UBC Theses and Dissertations
Locating Otto Neurath in twentieth-century philosophy of science Steed, Sheldon John Paul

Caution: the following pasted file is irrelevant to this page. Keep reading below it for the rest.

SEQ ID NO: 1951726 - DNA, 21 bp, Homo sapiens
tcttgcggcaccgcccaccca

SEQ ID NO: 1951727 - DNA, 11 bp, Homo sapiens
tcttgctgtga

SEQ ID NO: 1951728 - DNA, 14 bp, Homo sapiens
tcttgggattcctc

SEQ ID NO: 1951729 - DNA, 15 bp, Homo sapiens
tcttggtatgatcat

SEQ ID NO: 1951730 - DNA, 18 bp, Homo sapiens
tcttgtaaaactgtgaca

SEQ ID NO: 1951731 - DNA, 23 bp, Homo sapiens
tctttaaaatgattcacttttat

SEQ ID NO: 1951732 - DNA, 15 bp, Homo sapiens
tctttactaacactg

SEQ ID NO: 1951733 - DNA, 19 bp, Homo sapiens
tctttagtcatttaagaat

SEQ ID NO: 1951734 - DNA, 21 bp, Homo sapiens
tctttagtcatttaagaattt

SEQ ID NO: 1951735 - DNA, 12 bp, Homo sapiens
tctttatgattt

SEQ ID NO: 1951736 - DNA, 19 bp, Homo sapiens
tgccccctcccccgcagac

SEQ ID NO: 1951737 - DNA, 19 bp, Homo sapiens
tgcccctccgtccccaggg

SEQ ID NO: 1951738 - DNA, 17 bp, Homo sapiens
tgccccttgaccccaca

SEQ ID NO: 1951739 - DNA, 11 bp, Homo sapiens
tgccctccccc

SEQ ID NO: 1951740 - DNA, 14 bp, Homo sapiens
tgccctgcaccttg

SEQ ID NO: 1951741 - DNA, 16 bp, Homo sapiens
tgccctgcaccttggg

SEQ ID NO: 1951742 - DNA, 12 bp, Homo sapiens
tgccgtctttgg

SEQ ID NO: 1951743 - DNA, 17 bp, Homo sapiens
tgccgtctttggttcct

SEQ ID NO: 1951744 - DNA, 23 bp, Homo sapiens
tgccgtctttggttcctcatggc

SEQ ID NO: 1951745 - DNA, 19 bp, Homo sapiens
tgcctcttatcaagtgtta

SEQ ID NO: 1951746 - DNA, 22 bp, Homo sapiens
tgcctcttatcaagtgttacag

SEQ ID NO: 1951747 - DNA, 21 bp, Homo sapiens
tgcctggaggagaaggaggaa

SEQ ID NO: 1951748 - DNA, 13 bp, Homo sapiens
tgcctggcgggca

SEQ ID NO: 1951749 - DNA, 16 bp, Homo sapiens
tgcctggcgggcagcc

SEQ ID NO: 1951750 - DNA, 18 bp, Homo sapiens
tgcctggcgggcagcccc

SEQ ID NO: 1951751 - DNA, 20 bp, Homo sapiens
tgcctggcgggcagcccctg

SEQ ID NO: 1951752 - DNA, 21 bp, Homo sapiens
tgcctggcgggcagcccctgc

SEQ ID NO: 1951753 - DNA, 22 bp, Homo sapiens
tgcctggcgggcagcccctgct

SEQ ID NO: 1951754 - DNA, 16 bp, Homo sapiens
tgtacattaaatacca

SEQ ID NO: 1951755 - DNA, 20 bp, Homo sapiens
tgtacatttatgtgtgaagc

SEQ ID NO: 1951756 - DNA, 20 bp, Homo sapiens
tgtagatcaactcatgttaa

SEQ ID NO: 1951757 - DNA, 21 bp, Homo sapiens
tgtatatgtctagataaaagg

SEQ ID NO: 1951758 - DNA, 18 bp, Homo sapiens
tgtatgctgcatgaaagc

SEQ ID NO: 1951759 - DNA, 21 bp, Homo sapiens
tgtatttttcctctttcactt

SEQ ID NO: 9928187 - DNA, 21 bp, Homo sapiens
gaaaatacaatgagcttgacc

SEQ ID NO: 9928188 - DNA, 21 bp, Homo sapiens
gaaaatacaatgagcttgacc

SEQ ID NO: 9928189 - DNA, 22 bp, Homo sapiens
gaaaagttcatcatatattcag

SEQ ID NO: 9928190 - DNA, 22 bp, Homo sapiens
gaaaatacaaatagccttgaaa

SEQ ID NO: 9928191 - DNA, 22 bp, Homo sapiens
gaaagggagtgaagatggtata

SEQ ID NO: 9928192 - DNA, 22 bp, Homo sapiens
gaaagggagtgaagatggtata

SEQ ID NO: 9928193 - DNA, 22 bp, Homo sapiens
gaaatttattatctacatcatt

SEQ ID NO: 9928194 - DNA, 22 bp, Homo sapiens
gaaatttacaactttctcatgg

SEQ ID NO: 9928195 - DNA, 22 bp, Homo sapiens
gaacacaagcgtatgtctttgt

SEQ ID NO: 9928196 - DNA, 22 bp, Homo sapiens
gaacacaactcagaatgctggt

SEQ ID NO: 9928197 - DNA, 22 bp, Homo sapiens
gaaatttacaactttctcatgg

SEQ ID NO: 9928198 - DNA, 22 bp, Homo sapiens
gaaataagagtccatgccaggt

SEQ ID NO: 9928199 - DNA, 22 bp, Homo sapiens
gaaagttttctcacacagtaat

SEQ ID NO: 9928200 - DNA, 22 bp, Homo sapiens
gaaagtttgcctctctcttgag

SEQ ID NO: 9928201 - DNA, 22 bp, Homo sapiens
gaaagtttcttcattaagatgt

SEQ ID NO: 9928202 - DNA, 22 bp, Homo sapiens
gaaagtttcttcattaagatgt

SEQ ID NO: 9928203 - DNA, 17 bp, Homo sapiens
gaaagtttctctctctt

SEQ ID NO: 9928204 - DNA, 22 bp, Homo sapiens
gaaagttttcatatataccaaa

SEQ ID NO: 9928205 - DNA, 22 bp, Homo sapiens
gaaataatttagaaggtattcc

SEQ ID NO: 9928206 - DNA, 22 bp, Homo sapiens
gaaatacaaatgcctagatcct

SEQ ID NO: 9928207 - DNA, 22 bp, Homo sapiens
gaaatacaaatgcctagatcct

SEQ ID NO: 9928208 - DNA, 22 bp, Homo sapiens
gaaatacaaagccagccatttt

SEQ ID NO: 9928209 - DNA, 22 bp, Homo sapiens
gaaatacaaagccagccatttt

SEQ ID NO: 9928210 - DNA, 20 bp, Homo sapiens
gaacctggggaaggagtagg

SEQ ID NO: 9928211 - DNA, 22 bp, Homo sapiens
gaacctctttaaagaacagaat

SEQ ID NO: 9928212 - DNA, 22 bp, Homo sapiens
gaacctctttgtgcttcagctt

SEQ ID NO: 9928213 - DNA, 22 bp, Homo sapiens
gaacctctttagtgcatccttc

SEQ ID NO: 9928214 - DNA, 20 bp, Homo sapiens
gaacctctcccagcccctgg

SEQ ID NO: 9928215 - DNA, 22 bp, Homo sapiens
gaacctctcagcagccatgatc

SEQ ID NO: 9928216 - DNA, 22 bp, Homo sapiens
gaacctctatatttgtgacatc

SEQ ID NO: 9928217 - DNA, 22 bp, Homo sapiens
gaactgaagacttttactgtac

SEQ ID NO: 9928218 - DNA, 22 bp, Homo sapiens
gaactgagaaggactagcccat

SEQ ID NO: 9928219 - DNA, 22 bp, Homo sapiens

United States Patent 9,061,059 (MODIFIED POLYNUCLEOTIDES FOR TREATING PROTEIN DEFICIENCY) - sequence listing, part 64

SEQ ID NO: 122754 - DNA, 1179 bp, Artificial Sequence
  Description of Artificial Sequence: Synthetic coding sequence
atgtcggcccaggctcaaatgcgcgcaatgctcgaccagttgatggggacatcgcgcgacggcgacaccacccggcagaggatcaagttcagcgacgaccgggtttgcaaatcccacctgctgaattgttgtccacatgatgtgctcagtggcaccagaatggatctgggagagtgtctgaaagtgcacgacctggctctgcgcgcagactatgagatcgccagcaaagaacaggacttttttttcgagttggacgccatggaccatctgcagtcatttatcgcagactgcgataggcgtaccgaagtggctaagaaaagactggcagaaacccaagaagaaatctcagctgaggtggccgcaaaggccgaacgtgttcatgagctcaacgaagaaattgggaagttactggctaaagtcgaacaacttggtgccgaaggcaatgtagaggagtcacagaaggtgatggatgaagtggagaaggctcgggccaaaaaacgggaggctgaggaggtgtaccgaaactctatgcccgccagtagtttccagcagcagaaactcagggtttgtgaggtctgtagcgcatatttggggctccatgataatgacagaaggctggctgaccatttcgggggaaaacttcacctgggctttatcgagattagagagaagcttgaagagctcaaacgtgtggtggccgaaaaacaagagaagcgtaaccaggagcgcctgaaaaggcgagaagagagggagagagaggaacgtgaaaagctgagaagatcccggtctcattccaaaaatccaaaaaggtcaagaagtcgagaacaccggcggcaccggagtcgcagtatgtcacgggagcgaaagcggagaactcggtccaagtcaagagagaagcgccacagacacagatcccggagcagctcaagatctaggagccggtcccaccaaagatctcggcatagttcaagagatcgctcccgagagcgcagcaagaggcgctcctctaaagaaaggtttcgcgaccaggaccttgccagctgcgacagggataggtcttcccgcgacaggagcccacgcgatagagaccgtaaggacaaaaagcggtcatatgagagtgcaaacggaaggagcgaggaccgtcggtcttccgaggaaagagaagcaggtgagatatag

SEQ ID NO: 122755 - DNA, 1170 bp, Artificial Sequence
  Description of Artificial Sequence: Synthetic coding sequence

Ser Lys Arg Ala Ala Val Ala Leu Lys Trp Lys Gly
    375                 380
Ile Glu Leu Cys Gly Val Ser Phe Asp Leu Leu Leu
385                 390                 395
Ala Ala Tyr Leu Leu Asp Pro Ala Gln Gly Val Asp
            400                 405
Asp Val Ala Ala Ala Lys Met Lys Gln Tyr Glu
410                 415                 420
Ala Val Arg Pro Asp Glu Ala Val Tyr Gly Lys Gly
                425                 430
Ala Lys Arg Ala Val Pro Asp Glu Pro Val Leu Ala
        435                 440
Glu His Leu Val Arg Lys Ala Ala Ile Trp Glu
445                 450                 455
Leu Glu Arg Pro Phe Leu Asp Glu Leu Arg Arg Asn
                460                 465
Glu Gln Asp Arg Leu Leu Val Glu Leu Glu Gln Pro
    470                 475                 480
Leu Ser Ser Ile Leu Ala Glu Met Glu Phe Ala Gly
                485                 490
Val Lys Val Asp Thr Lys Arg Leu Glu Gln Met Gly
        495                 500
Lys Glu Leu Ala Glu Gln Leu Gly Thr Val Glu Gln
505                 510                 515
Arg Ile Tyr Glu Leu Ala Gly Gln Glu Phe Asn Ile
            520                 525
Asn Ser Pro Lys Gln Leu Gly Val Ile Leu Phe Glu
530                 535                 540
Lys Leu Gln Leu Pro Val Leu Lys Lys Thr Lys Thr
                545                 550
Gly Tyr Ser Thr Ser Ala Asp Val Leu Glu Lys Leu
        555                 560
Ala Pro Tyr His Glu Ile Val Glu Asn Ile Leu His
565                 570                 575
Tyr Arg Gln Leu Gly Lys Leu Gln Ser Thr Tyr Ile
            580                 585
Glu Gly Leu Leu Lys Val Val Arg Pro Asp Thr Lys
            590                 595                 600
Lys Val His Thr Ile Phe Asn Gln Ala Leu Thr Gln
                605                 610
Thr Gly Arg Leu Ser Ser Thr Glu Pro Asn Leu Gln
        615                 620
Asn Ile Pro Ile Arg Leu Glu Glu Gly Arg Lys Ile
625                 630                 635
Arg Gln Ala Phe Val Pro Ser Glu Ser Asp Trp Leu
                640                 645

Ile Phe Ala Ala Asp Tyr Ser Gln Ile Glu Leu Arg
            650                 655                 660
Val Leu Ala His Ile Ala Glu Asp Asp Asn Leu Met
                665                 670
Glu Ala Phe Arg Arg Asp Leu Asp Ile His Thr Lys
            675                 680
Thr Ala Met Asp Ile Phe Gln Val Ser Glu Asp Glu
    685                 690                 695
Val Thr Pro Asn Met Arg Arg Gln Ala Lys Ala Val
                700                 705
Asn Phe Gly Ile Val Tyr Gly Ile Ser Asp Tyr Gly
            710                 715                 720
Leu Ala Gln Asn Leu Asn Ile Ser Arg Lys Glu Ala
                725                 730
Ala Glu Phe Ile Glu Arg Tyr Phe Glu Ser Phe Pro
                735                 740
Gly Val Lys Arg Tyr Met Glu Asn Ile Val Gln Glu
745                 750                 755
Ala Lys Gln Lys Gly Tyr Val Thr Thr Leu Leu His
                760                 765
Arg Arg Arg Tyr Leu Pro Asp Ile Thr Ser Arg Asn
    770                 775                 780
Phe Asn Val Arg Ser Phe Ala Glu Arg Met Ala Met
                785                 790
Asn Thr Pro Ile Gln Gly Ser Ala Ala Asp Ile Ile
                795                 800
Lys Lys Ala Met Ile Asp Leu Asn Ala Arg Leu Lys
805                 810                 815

This thesis attempts to locate the work of Otto Neurath (1872-1945) in the history of twentieth-century philosophy of science. Neurath is perhaps best recognized from his role in the Vienna Circle of the 1930s where he contributed to the development of logical empiricist philosophy of science. The roots-of his ideas, as expressed within the Vienna Circle, provide insight into Neurath's conception of the development of science. Thus, the present essay attempts to identify his developing ideas in the 1910s, and situate that development historically. Chapter One considers his biography as a means of eliciting some of his defining philosophical assumptions. For Neurath, inquiries into the foundations of science carry broader social and political implications and we see him exhibiting this view throughout his life. Chapter Two examines three papers in the 1910s to show what his view of the development of science actually was. Neurath rejected notions of absolute foundations on which to base scientific theory and stood opposed to metaphysics as a meaningful framework by which to ground scientific claims. Chapter Three attempts to identify Neurath's driving assumptions with those articulated in postpositivist thinkers like W.V.O. Quine and Thomas Kuhn. Neurath's connections to logical empiricism and post-positivism make him an important figure whose contributions to the history of twentieth-century philosophy of science can enrich our understanding of the development of science and its role in society.
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